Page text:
I thought I was in control of, well pretty much everything. It started with my charter boat. My boat was my world. When you stepped on my boat, you stepped into my world. Storage was strategically placed and easy to access. The back deck had rod holders, downriggers and electronics perfectly mounted. Rods, reels and lures were always loaded and ready. There was no wasted space.
My clients came from every walk of life—CEO’s, families, attorneys, business owners, medical professionals, Joe six pack, athletes, service workers, and tradesmen. But when they stepped onto my boat, they entered my world. After all, who knows how to navigate a large boat? Who knows where the fishies are hiding? Who could possibly make sense of the dozen or more lines we were trolling let alone get the boat back to port and into the slip?
I was in control of my boat and my client’s destiny. And many days, it felt like I was in control of the fish’s destiny as well.
After the lines were set the hunt began. I was fully present to the world around me. In Zen Mode, I could feel my environment, the weather, and intuitively sense the currents below the boat. Setting a spread of lines was fueled by intuition, science, and experience. Instincts guided me as the boat and gear sliced through the water, interacting with every molecule of water, systematically searching for the schools of fish.
Through fishing and my boat, I brought order out of the chaos.
Today I didn’t go fishing. I watched the sun rise over the small pond beyond our living room window. I’m loving my neighbors and being a good citizen as I Shelter in Place. Lake Michigan and the fish are still there, but my world is significantly smaller.
It’s a bit of a paradox, in this day of Globalization and interconnectedness.
Yesterday the world seemed really big! You were a plane ride away from anywhere. Today, the world seems smaller and quieter. We’ve all had to give up activities, relationships, and things we take for granted.
Others have lost even more . . . their job, their business (I’m worried about my favorite little restaurant in Milwaukee, Crazy Water, I hope she survives!), a friend or family member to COVID-19. My wife’s best friend had her father snatched away by this unpredictable virus.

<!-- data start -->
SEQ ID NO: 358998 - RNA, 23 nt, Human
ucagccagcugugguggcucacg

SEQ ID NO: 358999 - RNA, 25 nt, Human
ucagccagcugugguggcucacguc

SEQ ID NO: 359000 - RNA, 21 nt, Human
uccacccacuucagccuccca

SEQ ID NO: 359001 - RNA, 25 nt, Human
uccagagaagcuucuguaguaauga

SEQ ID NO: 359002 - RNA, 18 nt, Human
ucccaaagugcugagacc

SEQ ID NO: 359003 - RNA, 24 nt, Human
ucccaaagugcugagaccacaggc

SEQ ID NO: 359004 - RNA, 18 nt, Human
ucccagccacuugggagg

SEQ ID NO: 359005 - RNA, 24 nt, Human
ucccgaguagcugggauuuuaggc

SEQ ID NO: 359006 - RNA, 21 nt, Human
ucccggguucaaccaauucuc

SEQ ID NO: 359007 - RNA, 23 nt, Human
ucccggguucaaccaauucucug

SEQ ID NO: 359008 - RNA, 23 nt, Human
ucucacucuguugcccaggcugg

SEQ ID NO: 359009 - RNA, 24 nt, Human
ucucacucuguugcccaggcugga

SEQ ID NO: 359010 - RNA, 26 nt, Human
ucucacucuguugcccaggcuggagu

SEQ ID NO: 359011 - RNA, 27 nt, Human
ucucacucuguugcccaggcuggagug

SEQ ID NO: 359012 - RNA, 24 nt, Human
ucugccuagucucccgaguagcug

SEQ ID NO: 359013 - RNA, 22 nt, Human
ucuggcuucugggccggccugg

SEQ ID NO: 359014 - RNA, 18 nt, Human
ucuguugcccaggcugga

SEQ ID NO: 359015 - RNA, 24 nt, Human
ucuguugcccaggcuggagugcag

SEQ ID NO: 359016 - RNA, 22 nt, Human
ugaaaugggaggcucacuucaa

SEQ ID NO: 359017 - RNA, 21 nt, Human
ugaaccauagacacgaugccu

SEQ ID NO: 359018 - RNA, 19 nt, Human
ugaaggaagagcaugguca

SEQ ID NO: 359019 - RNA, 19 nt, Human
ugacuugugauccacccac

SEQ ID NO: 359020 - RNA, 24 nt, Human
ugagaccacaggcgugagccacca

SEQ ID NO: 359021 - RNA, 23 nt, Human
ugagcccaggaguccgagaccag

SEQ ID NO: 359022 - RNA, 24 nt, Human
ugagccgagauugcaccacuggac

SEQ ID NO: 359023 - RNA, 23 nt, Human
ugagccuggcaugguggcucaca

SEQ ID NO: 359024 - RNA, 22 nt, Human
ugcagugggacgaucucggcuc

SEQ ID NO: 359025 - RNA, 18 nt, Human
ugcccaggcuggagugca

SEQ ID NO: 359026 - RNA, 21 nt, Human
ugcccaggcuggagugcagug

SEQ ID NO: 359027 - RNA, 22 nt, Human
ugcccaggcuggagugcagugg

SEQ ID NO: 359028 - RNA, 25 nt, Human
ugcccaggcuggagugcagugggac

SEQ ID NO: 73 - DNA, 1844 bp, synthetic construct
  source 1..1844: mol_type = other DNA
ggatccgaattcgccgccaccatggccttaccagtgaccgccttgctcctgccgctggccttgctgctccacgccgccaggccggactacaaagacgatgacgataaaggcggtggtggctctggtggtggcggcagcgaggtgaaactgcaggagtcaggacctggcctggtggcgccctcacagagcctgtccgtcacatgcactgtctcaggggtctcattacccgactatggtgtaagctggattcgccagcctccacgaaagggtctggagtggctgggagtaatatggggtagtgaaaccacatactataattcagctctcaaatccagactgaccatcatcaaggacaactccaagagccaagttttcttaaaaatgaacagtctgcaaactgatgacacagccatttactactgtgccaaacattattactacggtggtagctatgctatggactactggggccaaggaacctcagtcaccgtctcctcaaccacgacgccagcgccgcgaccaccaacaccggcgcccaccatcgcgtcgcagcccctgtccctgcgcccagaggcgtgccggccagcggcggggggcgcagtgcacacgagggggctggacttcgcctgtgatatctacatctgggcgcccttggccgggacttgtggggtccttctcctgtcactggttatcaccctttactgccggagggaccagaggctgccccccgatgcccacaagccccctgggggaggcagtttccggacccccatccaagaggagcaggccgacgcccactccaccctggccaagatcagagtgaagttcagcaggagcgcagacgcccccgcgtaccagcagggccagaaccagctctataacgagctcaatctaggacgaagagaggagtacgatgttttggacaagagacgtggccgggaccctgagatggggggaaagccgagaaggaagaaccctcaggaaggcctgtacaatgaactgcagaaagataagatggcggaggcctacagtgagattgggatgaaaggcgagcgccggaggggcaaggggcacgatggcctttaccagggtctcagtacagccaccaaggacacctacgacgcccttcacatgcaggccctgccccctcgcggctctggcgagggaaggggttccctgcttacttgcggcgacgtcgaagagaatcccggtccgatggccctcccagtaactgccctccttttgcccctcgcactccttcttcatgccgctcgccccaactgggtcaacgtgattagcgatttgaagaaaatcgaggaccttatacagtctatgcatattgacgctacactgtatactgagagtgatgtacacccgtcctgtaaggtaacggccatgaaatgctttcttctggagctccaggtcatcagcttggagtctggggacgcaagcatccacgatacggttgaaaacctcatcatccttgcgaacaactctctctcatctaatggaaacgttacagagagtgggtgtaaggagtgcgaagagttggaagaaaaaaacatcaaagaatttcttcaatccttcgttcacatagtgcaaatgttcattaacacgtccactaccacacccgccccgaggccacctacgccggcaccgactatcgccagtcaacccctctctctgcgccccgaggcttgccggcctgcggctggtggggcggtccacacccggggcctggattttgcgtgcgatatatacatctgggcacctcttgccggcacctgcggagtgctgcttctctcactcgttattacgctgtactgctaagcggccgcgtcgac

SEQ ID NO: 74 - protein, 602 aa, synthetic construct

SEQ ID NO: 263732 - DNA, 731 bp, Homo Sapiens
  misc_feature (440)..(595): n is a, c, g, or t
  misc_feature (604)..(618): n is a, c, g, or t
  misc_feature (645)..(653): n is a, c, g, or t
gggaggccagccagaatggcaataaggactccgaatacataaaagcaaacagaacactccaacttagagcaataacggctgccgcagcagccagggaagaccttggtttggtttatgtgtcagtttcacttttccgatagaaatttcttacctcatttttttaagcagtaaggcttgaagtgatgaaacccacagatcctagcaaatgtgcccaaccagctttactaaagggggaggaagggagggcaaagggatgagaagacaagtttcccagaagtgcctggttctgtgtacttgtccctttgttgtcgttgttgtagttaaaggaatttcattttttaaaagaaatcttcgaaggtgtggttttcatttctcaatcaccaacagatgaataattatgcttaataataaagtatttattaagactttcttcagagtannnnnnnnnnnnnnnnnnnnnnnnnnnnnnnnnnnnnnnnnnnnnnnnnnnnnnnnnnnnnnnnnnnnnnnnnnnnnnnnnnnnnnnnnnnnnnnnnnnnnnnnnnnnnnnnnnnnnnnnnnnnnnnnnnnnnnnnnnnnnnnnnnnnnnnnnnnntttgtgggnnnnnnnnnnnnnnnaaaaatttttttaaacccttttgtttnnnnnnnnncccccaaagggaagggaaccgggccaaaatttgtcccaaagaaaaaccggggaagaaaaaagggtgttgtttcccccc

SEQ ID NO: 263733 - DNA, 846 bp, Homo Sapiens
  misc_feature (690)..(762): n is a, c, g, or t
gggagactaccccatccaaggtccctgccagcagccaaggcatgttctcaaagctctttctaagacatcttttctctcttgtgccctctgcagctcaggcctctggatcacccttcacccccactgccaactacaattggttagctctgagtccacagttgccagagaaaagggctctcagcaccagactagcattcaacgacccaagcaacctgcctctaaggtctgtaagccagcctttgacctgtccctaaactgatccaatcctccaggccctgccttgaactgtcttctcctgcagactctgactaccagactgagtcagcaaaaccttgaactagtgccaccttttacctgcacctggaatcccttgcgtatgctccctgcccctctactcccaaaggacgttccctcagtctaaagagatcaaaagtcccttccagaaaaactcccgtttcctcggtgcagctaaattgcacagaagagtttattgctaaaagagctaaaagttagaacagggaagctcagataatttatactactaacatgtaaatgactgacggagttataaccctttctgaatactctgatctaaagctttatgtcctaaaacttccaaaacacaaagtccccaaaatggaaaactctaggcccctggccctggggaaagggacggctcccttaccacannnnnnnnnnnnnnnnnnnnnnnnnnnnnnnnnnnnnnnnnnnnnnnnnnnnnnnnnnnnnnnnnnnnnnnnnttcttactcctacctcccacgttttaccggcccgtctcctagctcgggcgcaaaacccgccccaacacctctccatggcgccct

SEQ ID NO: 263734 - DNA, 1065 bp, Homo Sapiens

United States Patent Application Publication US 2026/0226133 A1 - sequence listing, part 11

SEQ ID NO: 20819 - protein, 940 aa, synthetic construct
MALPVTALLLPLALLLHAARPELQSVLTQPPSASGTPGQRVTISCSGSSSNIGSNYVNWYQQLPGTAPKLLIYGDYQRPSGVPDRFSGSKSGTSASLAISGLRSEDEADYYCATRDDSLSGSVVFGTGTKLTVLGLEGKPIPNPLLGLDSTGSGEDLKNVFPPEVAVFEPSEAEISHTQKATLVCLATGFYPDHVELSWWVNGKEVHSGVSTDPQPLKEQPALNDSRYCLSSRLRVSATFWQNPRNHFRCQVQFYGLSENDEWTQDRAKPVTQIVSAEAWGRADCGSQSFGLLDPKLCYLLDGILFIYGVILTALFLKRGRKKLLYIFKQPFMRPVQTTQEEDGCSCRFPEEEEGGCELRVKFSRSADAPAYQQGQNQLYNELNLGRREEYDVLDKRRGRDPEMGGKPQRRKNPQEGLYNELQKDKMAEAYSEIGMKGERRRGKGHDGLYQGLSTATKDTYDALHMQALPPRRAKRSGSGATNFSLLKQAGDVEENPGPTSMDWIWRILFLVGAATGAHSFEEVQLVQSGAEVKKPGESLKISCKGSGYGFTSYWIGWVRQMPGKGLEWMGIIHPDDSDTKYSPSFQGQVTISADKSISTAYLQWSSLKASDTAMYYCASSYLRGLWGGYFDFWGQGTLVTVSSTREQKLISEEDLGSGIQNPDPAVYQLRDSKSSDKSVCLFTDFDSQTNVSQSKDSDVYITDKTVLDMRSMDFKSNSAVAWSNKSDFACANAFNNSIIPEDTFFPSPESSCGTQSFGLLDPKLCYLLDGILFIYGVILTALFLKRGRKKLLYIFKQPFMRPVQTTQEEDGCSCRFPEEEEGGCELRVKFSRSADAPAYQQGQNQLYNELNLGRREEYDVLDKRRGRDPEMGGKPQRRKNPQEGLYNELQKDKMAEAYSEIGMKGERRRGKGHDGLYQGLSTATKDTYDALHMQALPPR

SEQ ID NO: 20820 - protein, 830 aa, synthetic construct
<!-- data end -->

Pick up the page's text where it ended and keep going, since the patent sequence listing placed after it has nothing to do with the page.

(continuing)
The COVID-19 Pandemic has cast its shadow across our nation and the world during Holy season. Apprentices of Jesus pause to remember and celebrate the miraculous intervention of Jesus into space and time.
But how will the faithful celebrate the miraculous if the churches are closed? Some might respond, “Thankfully the liquor stores are still open.” Yes, if you focus on the news it would be so easy to pour yourself another drink . . . But Jesus calls us to walk not in fear but faith. This Easter morning the faithful will rejoice in spirit and truth.
This COVID-19 pandemic is an event that will surely change everything and the irony of that taking place while we celebrate the other One event that changed everything. Two thousand years ago one man was hung on a cross . . . and died! Three days later that same man walked out of his tomb!
I ended last week’s blog by talking about the need to be still and reflective in this season. Not an easy task for a guy who has defined his life by his accomplishments and achievements. But, the practice of being still before creation has drawn me closer to the heart of God.
I cannot control the events overtaking our world. I used to think I was in control—of the lake and my life. Confession? That is an illusion that God has been slowly stripping away over the past 30-plus years. I’m still learning, but for years my intoxicating sense of control on the boat followed me ho